Use of the anti-IgE medication omalizumab in combination with oral immunotherapy led 83 percent of patients with multiple food allergies to achieve desensitization to at least two allergens in a study conducted by Stanford University researchers.
Of note is that desensitization to more than one allergenic food was reached in this majority in only nine months. “To undertake single food oral immunotherapy could take nine months alone,” senior study author Dr. Sharon Chinthrajah told Allergic Living. “To put it into perspective, if you were to do multiple foods sequentially, it would take many years. It takes considerably longer without a combination approach,” she said.
The Phase 2 study involved 48 children and teens with multiple food allergies, who were divided into two groups. The first group, composed of 36 patients, was treated with the anti-IgE medication omalizumab (often known by the brand name Xolair) along with oral immunotherapy, in which gradually increasing amounts of two to five of their allergens were introduced into the diet. The remaining 12 patients formed a control group and received a placebo medication alongside the same multiple-allergen OIT therapy.
“They were tested at nine months [36 weeks] to see how many patients could pass a two-gram food challenge to at least two of the foods in their OIT regimen,” says Chinthrajah, an assistant professor of allergy and immunology at Stanford’s Sean N. Parker Center for Allergy and Asthma Research. “Eighty-three percent in the omalizumab group were able to pass a challenge of two foods at two grams versus 33 percent in the placebo group,” she says.
That rate of success is comparable to some clinical trials using purely OIT (the desensitization achievement rate for those ranges from 50 to 80 percent). But key differences with the Stanford study, published in The Lancet Gastroenterology & Hepatology, are the number of food allergens involved, the shorter time period to achieve desensitization and a better safety profile than OIT alone.
For instance, “there were fewer doses associated with gastrointestinal symptoms and fewer respiratory symptoms in the omalizumab group during a portion of the updosing period,” says Chinthrajah, whose colleagues on the study include Dr. Kari Nadeau, the director of the Parker Center. There were no severe adverse effects among any of the participants, who were between the ages of 4 and 15.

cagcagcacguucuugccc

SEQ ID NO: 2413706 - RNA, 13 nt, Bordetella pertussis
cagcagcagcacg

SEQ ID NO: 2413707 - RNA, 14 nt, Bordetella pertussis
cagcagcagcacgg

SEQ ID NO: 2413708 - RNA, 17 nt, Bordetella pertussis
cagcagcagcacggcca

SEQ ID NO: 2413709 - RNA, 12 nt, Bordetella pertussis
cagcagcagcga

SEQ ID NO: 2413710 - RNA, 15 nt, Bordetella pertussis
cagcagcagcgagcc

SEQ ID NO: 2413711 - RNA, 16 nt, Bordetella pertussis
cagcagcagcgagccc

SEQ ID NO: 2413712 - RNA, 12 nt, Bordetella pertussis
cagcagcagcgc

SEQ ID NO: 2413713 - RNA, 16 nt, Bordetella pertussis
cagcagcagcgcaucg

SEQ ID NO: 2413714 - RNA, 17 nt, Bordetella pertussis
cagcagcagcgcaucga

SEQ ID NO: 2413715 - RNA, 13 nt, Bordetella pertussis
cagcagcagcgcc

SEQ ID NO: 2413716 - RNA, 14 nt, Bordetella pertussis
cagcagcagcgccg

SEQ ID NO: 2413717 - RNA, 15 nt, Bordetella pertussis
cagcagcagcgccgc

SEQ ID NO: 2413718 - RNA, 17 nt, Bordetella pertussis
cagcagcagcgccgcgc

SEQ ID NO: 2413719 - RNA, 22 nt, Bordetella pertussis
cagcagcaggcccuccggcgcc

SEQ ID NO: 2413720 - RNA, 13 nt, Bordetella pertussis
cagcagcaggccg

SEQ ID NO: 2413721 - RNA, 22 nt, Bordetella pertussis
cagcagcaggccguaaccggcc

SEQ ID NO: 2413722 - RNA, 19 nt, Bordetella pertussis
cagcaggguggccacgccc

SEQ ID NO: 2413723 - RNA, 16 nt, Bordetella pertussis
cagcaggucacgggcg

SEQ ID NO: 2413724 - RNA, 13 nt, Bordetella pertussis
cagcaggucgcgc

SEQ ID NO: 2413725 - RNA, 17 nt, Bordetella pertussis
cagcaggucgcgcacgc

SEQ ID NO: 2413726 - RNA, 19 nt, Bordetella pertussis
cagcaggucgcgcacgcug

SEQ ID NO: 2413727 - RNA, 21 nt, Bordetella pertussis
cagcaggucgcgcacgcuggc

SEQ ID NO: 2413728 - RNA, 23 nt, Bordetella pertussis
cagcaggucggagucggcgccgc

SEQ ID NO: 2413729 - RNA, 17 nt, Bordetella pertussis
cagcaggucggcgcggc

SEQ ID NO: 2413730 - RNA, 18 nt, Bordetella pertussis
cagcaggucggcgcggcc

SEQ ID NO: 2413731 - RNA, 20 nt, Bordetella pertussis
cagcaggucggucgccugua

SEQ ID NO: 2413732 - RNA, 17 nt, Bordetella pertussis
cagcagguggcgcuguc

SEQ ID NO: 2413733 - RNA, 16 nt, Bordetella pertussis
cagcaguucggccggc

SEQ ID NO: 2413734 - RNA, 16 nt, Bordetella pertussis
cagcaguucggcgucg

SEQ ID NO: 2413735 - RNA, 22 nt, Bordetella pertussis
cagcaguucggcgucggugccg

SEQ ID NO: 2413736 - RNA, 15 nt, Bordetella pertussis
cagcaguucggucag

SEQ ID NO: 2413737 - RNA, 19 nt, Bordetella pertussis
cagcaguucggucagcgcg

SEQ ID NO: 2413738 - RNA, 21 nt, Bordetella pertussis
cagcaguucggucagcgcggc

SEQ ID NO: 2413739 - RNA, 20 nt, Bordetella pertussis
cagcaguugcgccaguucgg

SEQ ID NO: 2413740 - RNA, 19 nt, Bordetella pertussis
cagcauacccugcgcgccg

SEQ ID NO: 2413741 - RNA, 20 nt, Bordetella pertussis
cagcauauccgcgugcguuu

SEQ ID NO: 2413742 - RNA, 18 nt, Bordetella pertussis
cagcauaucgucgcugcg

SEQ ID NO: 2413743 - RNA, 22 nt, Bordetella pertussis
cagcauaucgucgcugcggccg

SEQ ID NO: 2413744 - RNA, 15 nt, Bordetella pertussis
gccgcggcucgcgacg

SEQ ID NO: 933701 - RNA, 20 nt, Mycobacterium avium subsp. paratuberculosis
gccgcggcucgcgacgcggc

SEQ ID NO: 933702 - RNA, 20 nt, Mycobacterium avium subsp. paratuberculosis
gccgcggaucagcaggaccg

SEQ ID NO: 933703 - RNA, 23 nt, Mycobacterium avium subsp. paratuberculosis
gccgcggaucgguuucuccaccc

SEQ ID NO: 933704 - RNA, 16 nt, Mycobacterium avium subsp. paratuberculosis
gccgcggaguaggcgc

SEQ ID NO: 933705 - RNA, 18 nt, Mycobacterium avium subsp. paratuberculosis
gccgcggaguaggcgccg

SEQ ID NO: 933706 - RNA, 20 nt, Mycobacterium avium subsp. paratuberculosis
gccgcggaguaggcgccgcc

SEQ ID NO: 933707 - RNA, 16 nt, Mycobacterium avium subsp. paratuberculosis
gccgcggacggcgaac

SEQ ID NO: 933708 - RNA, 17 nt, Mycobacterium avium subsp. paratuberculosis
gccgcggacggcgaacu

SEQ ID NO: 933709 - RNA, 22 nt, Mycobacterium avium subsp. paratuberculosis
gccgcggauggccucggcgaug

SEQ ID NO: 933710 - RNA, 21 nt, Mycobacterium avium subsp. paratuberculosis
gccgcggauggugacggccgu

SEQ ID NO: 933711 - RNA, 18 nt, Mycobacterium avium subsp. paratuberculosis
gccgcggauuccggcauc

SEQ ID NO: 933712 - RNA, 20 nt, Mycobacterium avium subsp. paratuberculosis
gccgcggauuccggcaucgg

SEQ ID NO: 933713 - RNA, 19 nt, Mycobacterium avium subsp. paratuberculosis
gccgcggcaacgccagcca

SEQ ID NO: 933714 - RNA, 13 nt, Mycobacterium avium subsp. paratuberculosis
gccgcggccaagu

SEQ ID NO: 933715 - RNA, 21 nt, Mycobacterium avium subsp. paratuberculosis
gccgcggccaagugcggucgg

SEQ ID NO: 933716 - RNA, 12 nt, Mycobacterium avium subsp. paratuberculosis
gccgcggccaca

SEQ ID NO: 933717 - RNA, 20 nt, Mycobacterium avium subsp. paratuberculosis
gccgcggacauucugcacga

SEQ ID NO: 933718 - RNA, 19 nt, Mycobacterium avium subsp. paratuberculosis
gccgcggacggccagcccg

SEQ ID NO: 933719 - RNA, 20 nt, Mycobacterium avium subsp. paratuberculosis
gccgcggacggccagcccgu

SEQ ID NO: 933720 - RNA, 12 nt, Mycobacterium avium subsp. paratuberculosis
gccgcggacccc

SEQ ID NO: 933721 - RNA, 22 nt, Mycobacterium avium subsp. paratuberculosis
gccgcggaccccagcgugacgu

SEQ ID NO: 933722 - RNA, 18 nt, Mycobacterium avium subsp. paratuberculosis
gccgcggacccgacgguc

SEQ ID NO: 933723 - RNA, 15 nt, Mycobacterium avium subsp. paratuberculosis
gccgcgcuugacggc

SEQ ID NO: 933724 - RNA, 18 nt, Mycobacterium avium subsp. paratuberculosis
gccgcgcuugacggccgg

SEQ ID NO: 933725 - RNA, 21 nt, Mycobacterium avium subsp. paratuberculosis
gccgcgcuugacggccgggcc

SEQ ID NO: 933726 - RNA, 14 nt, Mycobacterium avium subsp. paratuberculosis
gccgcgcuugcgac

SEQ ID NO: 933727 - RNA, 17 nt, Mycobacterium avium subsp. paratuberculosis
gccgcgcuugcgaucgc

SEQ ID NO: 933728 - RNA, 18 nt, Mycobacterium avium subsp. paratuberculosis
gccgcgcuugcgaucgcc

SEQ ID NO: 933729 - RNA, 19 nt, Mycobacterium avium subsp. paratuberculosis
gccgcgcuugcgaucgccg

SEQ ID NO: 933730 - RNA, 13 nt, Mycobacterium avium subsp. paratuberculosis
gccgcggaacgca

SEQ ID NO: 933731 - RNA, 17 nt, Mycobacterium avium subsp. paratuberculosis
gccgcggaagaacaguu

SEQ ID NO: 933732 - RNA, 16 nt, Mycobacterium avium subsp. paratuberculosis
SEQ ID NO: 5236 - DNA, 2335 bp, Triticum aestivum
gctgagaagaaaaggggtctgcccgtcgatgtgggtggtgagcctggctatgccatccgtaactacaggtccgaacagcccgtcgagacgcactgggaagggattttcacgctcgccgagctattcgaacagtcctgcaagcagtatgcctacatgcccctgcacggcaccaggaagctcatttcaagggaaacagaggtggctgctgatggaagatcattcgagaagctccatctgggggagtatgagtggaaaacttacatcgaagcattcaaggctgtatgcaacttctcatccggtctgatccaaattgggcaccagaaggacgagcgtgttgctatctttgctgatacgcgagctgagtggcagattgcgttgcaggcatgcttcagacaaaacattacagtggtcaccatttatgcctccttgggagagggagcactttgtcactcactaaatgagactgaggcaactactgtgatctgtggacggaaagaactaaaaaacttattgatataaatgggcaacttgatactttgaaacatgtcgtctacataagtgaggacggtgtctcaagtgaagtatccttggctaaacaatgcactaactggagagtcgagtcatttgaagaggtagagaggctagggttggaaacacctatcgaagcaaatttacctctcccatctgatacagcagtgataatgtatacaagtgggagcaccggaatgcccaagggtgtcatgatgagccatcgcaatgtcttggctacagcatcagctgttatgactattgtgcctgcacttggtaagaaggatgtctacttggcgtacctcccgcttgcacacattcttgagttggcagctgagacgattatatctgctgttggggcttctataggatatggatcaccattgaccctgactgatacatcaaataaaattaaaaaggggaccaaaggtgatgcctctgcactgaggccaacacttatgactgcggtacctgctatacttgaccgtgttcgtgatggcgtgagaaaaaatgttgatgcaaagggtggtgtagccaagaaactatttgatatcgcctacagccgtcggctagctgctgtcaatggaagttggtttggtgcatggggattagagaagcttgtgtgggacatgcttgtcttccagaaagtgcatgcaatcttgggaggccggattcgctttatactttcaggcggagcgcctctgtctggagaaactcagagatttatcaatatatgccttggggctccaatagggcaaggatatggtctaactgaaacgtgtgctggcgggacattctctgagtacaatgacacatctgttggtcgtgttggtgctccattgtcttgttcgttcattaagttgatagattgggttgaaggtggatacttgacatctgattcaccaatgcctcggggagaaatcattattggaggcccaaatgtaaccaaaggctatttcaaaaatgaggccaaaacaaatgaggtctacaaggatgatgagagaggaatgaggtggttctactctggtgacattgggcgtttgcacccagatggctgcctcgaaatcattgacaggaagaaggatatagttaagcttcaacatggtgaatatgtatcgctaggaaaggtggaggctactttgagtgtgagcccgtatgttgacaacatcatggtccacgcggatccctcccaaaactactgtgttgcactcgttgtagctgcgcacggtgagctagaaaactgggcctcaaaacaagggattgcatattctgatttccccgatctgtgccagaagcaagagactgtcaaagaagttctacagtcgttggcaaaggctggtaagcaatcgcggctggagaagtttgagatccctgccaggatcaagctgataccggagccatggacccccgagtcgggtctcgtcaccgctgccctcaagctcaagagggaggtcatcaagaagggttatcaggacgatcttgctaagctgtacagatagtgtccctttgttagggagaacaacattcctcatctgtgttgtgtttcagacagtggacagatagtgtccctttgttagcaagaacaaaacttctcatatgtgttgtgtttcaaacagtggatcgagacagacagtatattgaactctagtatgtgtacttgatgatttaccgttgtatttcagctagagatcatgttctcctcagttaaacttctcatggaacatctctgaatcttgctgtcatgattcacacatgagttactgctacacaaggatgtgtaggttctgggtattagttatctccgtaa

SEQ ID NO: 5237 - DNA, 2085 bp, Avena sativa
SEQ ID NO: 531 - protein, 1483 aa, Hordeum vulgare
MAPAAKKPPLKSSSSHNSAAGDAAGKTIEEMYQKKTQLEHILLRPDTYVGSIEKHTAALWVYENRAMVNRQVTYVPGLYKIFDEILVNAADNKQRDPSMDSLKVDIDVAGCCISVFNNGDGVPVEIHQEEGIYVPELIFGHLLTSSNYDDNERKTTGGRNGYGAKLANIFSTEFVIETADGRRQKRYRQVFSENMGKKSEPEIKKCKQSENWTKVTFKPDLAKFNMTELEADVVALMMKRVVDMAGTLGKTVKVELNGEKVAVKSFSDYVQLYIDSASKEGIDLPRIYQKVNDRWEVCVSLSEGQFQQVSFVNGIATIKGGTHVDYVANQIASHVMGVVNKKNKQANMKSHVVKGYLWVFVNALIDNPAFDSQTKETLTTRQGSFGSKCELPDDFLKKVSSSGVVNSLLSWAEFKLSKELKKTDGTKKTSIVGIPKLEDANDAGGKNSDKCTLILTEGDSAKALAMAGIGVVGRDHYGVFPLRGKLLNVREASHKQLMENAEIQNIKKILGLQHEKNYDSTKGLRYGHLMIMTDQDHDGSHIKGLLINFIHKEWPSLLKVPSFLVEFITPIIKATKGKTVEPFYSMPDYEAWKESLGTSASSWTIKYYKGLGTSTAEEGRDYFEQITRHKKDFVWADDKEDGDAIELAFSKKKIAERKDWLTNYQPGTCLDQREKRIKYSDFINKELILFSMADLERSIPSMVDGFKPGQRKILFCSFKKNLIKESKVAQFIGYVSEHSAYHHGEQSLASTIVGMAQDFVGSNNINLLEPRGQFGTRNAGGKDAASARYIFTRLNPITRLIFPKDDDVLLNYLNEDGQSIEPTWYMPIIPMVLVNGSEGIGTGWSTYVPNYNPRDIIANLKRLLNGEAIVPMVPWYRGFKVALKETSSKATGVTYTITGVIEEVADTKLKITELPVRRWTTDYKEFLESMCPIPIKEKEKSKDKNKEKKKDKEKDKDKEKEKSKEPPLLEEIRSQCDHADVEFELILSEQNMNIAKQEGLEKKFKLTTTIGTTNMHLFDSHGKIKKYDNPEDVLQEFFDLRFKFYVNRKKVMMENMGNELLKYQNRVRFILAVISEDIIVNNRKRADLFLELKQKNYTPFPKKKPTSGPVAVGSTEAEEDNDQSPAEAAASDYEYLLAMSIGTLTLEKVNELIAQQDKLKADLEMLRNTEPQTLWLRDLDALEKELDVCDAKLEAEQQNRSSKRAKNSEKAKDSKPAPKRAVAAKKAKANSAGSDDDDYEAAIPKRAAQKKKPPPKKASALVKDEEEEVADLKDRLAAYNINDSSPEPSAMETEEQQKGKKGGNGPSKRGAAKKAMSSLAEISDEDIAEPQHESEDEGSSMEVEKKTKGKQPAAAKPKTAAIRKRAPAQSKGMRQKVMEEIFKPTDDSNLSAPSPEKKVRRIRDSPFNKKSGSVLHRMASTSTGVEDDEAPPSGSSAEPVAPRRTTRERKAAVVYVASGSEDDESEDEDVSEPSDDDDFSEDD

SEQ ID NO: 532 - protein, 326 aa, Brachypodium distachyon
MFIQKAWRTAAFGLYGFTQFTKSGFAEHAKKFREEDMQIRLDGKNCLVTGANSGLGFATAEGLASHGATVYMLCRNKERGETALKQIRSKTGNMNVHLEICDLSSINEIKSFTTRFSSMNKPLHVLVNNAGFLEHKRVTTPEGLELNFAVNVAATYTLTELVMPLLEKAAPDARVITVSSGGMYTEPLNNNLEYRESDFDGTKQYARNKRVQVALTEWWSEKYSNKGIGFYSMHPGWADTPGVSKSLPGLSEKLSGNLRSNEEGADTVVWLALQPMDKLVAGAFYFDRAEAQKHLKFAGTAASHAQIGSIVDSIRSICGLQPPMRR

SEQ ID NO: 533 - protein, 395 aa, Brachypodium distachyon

As well, the study notes that the time to reach the maintenance dose level for each food (which is the amount a patient continues to consume to afford protection) was achieved in as few as 12 weeks in the Xolair group. That compared to 20 weeks as the earliest success in the placebo group.
“We’re excited to see that our theories of how omalizumab should work played out in actuality,” says Chinthrajah, who emphasizes that the next step is to conduct a larger trial.
“Oral immunotherapy has a lot of updosing visits, so we’re talking about missed school, and missed work for the parents,” she says. “If we can find a safer and shorter approach, patients would be more compliant with the regimen and have a better chance of being successful in reaching their goals.”
Omalizumab (Xolair), given by injection, is known as an “anti-IgE” biological medication, since it neutralizes free-roaming IgE antibodies – those that set off allergic symptoms.
The 36 patients in the active drug group of this study were administered omalizumab for eight weeks before they began OIT, then continued on it for eight weeks as the allergenic foods began to be introduced. (The placebo group followed the same protocol, unaware they weren’t receiving the active drug.) Patients were treated with up to five allergens during OIT.
Chinthrajah notes that “30 to 40 percent of patients who have food allergies have multiple food allergies and other allergic conditions, which may influence their ability to tolerate an oral immunotherapy program.” The foods included in the study were various tree nuts, eggs, milk, peanuts, soy, sesame and wheat.
The research received funding from the National Institute of Allergy and Infectious Diseases, the Parker Foundation along with private foundations. Biotech company Genentech provided omalizumab and the placebo.